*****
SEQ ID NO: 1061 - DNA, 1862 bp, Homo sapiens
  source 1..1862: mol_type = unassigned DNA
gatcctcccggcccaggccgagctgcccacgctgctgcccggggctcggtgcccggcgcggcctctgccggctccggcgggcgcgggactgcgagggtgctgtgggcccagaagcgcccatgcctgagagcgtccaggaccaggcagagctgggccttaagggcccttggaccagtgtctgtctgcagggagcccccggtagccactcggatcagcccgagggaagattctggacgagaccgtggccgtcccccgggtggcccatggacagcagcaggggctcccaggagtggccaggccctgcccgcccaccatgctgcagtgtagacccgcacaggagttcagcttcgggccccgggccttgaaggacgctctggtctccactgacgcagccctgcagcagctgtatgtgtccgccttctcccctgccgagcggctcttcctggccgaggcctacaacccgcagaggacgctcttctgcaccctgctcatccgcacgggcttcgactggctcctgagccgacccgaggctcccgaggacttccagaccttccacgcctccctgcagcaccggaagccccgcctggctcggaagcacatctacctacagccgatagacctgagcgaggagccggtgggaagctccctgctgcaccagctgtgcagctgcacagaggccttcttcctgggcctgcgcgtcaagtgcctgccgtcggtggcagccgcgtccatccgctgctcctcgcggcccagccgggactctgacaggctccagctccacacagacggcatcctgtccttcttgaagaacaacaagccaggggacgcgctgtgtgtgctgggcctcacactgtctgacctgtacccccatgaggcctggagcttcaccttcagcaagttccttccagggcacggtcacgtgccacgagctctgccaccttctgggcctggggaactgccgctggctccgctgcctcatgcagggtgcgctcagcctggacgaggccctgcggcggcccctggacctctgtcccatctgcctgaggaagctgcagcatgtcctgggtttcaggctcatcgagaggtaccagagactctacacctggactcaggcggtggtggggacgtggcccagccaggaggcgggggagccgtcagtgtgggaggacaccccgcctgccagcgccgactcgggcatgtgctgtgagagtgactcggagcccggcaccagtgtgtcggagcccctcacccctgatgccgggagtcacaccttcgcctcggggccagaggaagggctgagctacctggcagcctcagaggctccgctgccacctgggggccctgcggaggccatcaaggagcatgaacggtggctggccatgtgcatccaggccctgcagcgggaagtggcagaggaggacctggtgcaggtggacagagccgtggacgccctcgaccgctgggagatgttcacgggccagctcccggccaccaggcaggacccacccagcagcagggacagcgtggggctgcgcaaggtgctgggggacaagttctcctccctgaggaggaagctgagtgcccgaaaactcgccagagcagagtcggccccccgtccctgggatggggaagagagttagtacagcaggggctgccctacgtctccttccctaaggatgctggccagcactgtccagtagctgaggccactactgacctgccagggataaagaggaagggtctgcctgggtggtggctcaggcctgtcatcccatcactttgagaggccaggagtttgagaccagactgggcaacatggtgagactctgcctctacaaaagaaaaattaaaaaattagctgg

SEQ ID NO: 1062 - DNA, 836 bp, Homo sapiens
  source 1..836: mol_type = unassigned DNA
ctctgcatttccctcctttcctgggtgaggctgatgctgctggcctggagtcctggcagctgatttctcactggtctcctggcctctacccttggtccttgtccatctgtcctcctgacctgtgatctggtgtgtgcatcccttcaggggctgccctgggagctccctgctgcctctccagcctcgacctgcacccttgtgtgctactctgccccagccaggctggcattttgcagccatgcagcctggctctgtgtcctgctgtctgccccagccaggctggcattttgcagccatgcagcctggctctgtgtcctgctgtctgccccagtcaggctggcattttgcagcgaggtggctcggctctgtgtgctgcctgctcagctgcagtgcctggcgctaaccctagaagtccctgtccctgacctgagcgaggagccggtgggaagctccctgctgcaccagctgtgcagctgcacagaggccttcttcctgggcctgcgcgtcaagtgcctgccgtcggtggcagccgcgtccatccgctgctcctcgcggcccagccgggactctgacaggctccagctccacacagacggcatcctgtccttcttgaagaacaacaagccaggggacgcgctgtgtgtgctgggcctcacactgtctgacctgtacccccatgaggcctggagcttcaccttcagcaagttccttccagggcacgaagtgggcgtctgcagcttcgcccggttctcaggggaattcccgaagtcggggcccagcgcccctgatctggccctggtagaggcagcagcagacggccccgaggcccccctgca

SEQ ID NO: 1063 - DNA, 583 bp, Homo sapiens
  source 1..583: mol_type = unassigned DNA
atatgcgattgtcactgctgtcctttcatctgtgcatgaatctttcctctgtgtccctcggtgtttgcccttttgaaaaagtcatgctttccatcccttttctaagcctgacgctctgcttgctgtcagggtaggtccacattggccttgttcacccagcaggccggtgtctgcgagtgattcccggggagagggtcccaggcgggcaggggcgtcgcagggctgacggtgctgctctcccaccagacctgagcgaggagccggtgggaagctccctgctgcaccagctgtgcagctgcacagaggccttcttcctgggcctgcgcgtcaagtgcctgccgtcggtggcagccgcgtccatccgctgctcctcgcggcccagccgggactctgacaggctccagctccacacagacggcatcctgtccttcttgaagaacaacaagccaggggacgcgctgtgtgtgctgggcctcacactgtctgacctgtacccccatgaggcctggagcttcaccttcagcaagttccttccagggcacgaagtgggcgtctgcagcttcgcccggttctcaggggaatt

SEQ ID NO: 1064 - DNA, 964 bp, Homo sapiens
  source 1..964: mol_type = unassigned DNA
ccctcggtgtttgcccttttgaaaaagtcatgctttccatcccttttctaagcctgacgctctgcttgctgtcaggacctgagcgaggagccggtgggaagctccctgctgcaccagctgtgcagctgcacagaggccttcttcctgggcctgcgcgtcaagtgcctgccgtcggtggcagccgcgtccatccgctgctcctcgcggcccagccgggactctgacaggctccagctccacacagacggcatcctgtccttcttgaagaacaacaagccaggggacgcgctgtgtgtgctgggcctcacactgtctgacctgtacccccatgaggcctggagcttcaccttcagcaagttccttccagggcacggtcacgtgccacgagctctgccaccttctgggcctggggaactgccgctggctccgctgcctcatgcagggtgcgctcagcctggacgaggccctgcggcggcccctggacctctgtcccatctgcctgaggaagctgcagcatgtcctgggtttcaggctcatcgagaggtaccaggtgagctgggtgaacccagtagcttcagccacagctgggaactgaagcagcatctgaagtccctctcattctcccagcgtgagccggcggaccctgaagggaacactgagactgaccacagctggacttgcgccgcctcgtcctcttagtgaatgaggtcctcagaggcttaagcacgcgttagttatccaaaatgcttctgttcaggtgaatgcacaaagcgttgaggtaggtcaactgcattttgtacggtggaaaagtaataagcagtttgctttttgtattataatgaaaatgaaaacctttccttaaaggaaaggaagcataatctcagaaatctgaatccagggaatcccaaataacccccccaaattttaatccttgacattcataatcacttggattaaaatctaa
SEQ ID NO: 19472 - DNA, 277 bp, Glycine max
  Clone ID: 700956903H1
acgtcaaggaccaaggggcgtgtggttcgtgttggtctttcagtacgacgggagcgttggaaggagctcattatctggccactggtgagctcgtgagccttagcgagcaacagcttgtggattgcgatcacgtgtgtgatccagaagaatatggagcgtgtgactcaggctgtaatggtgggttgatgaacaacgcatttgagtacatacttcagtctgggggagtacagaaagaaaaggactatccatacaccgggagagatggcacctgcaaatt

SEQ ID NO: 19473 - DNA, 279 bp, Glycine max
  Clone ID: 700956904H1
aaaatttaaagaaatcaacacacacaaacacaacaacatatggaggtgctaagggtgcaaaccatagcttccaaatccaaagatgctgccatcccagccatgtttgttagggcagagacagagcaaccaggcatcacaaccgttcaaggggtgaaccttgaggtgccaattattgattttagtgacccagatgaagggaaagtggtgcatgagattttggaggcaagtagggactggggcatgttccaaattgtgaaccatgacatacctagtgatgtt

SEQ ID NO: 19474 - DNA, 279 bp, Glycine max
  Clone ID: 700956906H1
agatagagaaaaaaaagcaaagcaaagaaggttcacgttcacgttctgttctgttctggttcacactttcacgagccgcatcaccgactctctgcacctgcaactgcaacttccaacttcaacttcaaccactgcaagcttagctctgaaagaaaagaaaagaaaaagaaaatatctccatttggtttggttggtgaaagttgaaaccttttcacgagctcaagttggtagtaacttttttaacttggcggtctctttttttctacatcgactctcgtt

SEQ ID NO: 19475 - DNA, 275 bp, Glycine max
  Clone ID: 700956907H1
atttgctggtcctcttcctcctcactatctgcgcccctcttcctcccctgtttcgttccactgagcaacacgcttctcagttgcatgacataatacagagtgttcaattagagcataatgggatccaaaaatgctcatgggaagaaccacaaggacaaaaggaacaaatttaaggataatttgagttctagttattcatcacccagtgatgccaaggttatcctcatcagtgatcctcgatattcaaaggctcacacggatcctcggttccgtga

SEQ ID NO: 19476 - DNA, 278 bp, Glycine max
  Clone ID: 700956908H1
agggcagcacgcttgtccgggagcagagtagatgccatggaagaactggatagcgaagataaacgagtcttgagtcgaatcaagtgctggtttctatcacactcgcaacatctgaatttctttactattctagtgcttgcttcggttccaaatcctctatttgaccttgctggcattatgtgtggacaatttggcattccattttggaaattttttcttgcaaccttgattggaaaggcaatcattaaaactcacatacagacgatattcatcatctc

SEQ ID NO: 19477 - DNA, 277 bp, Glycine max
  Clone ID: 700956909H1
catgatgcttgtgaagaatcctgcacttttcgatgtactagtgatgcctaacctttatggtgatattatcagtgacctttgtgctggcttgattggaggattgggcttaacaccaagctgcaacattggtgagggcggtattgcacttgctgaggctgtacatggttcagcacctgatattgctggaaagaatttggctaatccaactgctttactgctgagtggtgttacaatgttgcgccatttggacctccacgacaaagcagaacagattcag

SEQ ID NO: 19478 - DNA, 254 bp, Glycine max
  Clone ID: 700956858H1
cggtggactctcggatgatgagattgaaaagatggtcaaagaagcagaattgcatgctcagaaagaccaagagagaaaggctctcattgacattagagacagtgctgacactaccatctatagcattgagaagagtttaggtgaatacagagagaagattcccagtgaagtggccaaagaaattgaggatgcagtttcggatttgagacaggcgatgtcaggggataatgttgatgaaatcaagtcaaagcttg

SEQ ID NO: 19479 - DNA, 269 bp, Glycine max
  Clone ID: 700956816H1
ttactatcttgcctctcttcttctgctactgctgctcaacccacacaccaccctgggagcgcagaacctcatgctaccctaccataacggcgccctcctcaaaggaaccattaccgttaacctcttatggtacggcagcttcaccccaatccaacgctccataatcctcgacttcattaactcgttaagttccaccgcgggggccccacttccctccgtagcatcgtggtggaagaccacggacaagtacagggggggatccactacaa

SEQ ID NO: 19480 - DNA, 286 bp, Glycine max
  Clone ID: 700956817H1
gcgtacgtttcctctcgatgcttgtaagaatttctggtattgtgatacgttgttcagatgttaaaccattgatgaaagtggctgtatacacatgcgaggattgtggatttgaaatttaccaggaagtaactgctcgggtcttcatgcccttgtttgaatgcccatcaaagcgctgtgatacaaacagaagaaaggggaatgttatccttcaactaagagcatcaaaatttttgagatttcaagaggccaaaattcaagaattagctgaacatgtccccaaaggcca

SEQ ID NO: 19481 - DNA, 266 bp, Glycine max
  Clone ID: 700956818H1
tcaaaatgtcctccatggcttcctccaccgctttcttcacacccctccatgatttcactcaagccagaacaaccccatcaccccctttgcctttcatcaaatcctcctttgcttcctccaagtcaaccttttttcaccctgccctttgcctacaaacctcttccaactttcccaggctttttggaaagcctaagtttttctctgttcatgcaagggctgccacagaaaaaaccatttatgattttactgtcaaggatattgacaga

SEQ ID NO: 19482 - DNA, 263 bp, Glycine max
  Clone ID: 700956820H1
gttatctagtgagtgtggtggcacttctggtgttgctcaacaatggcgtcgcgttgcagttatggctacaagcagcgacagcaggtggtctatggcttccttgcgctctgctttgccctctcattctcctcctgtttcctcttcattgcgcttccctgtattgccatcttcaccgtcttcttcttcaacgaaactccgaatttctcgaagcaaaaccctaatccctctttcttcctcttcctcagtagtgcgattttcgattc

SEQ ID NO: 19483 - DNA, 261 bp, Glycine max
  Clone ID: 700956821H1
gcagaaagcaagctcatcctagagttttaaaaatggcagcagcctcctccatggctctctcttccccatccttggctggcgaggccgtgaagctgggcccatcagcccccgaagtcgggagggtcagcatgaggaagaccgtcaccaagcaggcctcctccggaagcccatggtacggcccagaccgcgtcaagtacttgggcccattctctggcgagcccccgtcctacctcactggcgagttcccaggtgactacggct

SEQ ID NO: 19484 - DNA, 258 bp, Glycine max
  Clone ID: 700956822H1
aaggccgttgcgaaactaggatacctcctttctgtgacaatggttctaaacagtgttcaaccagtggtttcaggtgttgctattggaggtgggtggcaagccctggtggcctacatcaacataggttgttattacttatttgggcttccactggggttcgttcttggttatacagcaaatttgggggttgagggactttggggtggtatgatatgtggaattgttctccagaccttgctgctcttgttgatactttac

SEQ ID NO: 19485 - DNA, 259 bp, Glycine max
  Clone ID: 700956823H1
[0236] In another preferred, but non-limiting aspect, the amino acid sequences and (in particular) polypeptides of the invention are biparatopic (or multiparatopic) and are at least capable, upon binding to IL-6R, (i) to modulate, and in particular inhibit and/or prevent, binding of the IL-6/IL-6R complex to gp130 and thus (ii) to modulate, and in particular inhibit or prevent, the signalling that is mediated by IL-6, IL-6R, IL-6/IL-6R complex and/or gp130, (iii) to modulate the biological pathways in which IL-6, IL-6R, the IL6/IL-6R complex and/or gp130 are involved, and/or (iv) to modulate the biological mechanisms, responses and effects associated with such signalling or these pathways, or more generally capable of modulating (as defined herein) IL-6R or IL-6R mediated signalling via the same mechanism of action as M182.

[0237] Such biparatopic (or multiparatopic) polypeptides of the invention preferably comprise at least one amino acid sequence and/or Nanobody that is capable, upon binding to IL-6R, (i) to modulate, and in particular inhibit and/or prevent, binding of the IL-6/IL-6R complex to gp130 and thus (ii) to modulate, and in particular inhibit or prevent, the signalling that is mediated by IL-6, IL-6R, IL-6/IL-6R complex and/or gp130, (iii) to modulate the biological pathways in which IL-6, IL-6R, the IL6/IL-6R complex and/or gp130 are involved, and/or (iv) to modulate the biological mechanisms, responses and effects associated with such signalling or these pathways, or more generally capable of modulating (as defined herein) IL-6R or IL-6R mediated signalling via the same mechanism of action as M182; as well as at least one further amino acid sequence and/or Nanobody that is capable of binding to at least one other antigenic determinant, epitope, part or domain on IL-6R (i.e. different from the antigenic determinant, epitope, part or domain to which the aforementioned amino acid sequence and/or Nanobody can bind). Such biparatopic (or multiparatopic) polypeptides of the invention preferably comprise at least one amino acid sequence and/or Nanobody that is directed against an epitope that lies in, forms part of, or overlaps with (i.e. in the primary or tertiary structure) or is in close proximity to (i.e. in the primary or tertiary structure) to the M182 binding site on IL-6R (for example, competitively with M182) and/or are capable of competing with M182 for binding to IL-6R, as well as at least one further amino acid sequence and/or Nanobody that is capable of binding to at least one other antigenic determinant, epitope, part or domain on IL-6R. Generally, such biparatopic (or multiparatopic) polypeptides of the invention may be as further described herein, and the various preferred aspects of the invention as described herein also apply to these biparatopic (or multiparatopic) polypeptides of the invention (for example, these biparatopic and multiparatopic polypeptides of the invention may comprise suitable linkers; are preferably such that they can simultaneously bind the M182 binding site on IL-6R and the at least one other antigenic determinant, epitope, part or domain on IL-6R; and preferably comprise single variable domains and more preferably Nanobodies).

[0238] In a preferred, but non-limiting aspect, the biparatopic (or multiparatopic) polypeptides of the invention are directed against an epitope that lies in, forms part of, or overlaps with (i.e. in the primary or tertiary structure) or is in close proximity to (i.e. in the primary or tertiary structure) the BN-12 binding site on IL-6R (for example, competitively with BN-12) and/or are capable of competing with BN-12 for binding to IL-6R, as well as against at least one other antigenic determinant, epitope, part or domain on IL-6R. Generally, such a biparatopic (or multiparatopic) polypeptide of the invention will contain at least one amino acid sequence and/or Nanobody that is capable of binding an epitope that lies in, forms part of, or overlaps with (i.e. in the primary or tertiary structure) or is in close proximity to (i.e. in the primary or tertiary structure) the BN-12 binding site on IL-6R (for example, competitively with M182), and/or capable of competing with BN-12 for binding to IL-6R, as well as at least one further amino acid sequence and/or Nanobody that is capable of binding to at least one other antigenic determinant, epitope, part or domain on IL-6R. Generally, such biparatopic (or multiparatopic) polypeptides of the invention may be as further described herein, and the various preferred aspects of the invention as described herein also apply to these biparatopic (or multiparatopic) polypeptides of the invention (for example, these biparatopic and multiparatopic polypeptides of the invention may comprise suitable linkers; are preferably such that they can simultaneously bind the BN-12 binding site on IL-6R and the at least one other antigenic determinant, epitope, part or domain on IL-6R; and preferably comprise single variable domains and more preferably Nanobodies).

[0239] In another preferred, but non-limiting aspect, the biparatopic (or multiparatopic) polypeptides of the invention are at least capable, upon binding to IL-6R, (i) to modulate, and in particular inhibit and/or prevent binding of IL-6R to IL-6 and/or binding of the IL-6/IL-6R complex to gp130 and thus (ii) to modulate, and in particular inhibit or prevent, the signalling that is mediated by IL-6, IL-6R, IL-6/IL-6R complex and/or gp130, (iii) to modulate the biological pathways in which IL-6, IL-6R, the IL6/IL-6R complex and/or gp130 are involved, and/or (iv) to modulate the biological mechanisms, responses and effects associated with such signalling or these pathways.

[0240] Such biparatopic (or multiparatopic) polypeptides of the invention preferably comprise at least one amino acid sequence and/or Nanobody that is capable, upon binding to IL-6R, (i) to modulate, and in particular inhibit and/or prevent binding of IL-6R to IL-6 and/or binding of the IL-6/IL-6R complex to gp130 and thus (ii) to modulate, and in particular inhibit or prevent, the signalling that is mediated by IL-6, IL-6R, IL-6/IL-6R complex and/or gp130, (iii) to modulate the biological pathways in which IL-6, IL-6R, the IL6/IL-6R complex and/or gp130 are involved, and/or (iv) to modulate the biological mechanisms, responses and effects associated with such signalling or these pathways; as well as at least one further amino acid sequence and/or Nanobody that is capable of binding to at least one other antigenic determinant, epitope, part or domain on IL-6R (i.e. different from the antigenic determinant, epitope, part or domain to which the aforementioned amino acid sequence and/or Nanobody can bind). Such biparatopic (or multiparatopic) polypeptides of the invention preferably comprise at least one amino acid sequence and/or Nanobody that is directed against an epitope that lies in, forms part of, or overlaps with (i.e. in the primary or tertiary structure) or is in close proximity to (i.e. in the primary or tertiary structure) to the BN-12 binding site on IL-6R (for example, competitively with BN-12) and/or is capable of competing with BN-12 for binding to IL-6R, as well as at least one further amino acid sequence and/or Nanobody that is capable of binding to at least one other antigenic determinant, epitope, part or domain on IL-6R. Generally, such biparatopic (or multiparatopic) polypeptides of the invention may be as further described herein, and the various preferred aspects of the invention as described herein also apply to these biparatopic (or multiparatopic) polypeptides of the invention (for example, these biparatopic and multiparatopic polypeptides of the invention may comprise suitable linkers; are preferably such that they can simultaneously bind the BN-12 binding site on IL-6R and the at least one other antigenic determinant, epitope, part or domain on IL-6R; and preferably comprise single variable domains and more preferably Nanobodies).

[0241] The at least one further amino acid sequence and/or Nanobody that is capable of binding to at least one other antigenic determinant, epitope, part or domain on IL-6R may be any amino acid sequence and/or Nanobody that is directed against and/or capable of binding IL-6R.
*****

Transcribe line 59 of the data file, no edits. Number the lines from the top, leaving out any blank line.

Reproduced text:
[0241] The at least one further amino acid sequence and/or Nanobody that is capable of binding to at least one other antigenic determinant, epitope, part or domain on IL-6R may be any amino acid sequence and/or Nanobody that is directed against and/or capable of binding IL-6R.